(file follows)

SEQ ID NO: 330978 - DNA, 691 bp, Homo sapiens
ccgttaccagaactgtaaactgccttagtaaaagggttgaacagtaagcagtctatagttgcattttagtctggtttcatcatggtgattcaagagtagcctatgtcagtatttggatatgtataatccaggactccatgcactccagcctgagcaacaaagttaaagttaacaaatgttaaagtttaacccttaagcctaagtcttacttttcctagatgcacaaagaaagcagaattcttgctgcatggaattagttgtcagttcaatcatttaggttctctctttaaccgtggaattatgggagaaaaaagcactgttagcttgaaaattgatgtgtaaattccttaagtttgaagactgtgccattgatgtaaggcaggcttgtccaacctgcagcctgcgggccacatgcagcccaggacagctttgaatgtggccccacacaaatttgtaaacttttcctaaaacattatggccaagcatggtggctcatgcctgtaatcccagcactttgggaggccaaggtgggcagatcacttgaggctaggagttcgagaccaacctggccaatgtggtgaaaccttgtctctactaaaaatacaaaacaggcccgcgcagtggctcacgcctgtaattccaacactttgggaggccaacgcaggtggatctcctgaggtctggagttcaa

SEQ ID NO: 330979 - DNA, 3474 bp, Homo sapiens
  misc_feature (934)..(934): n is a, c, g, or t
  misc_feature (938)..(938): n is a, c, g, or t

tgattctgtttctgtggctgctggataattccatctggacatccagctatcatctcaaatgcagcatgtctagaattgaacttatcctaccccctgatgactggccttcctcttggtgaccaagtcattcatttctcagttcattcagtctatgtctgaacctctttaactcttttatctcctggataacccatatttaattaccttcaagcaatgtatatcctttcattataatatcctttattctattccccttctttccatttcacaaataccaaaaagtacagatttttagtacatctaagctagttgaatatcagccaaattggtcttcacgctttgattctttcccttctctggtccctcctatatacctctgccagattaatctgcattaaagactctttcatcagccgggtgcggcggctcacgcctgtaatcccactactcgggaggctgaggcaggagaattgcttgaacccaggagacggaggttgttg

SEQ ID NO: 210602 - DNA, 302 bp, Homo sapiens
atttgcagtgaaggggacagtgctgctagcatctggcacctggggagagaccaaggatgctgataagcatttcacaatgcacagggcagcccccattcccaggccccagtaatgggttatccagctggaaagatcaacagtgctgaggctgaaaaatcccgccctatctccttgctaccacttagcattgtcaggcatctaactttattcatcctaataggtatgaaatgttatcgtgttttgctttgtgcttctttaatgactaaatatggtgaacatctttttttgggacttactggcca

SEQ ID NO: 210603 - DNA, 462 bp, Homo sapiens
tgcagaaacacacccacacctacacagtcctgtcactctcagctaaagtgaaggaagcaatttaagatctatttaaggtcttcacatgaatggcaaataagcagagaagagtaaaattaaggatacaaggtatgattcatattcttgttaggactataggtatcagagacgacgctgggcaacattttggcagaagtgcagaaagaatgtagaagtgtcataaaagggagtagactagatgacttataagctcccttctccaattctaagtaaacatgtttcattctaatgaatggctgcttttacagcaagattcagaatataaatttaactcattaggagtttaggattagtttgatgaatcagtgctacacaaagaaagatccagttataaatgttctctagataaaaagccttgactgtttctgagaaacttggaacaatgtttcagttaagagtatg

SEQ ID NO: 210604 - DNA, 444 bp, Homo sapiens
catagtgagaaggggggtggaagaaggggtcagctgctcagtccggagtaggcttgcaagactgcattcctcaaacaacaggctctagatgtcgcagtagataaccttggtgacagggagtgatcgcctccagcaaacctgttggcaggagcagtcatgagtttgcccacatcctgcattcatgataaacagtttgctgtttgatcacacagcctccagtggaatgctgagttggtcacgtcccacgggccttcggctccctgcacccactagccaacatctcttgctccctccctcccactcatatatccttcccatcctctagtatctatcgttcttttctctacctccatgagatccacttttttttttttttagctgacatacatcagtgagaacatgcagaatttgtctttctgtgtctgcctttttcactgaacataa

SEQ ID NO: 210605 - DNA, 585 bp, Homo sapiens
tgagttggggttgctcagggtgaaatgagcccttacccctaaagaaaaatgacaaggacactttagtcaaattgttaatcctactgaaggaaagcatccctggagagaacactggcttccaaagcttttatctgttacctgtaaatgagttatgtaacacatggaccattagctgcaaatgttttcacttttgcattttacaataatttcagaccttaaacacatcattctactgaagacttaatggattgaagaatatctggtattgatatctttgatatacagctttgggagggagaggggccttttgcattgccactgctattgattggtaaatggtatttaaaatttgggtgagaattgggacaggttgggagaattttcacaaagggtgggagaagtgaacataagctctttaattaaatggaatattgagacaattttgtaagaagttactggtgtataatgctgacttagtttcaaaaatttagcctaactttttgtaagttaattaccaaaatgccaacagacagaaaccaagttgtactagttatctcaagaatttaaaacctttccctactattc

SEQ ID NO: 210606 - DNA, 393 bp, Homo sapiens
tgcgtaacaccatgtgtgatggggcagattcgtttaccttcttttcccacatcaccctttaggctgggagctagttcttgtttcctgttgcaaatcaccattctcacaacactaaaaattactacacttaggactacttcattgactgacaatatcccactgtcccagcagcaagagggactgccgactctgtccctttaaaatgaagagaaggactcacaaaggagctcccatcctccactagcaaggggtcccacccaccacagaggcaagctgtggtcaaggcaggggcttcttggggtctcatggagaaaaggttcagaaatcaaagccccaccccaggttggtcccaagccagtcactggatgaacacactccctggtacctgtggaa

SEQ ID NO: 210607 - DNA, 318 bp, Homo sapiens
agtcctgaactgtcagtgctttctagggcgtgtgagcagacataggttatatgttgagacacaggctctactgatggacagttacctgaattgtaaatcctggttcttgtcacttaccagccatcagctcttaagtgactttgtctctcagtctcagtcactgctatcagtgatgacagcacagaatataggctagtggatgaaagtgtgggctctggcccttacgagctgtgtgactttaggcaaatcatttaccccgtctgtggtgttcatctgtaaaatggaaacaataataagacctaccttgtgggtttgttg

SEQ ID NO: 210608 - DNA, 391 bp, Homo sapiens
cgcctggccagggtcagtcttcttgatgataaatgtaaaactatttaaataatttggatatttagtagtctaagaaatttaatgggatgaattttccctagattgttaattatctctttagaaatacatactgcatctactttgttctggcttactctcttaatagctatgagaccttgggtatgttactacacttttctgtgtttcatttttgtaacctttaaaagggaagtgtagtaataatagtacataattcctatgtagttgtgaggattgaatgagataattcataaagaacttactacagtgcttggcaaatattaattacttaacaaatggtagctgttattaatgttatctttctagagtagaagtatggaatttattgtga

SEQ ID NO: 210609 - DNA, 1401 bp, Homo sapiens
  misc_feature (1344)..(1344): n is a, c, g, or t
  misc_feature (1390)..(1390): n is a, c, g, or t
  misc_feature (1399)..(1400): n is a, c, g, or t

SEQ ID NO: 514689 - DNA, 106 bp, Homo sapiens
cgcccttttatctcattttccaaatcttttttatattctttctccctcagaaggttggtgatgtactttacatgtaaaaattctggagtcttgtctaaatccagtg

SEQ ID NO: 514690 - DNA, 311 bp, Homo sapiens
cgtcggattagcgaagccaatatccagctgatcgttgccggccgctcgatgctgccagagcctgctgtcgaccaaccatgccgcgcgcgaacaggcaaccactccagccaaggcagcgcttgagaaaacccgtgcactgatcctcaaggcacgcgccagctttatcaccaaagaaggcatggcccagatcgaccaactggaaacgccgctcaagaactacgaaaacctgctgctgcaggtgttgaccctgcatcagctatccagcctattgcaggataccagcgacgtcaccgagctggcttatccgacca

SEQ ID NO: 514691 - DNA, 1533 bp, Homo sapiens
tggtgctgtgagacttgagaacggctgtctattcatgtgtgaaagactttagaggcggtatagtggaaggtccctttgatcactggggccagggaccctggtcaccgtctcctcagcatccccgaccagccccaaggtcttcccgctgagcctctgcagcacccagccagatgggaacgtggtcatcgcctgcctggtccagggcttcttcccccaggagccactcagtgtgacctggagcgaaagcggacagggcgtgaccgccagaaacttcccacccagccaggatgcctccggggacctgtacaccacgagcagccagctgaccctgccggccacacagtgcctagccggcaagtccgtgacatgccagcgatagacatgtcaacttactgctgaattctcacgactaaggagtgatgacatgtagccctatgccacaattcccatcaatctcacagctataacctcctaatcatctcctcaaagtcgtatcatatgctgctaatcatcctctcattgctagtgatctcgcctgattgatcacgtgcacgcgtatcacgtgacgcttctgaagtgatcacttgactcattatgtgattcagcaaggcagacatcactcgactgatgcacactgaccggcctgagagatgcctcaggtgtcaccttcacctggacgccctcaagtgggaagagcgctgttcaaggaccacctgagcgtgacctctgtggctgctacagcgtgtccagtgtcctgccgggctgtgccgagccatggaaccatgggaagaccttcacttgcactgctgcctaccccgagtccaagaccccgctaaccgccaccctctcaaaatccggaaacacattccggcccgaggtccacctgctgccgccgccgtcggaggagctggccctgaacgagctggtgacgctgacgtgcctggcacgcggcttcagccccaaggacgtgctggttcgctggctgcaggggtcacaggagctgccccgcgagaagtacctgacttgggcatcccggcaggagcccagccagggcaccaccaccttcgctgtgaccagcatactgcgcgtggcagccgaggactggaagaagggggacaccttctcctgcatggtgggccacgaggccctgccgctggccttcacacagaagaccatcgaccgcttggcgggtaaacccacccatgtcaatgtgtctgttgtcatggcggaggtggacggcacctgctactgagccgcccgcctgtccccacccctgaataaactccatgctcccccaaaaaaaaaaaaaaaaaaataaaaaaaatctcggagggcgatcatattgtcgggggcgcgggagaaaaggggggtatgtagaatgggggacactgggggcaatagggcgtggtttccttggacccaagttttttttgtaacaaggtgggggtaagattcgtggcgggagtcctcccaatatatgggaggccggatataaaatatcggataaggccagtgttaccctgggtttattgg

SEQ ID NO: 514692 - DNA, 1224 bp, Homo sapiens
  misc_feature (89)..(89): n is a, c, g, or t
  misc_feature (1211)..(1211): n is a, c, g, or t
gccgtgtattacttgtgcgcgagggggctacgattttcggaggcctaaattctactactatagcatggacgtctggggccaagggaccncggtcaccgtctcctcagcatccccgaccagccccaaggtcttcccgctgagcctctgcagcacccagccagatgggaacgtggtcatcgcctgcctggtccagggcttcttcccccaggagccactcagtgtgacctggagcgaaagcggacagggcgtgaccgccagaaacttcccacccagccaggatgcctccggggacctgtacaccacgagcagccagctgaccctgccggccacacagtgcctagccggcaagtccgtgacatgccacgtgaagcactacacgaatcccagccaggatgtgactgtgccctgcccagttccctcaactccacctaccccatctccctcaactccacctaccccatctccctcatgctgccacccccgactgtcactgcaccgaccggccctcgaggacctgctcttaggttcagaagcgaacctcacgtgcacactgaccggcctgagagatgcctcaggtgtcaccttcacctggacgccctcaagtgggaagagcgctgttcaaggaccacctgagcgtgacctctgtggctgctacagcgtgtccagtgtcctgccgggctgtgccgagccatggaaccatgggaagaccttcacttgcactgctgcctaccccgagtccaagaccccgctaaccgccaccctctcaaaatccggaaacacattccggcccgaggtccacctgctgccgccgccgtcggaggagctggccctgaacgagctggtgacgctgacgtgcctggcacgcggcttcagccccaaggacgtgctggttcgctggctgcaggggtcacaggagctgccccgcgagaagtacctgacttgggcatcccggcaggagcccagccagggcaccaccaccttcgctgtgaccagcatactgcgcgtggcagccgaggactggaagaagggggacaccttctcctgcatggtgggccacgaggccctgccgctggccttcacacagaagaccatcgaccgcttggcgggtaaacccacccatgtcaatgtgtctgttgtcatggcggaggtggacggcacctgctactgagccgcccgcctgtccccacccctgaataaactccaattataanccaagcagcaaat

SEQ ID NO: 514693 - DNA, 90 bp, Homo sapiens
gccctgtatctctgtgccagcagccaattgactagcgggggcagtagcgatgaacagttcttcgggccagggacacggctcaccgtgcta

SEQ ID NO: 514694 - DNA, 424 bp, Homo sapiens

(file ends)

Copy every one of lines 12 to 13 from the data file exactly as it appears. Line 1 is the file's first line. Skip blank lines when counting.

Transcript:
catagtgagaaggggggtggaagaaggggtcagctgctcagtccggagtaggcttgcaagactgcattcctcaaacaacaggctctagatgtcgcagtagataaccttggtgacagggagtgatcgcctccagcaaacctgttggcaggagcagtcatgagtttgcccacatcctgcattcatgataaacagtttgctgtttgatcacacagcctccagtggaatgctgagttggtcacgtcccacgggccttcggctccctgcacccactagccaacatctcttgctccctccctcccactcatatatccttcccatcctctagtatctatcgttcttttctctacctccatgagatccacttttttttttttttagctgacatacatcagtgagaacatgcagaatttgtctttctgtgtctgcctttttcactgaacataa

SEQ ID NO: 210605 - DNA, 585 bp, Homo sapiens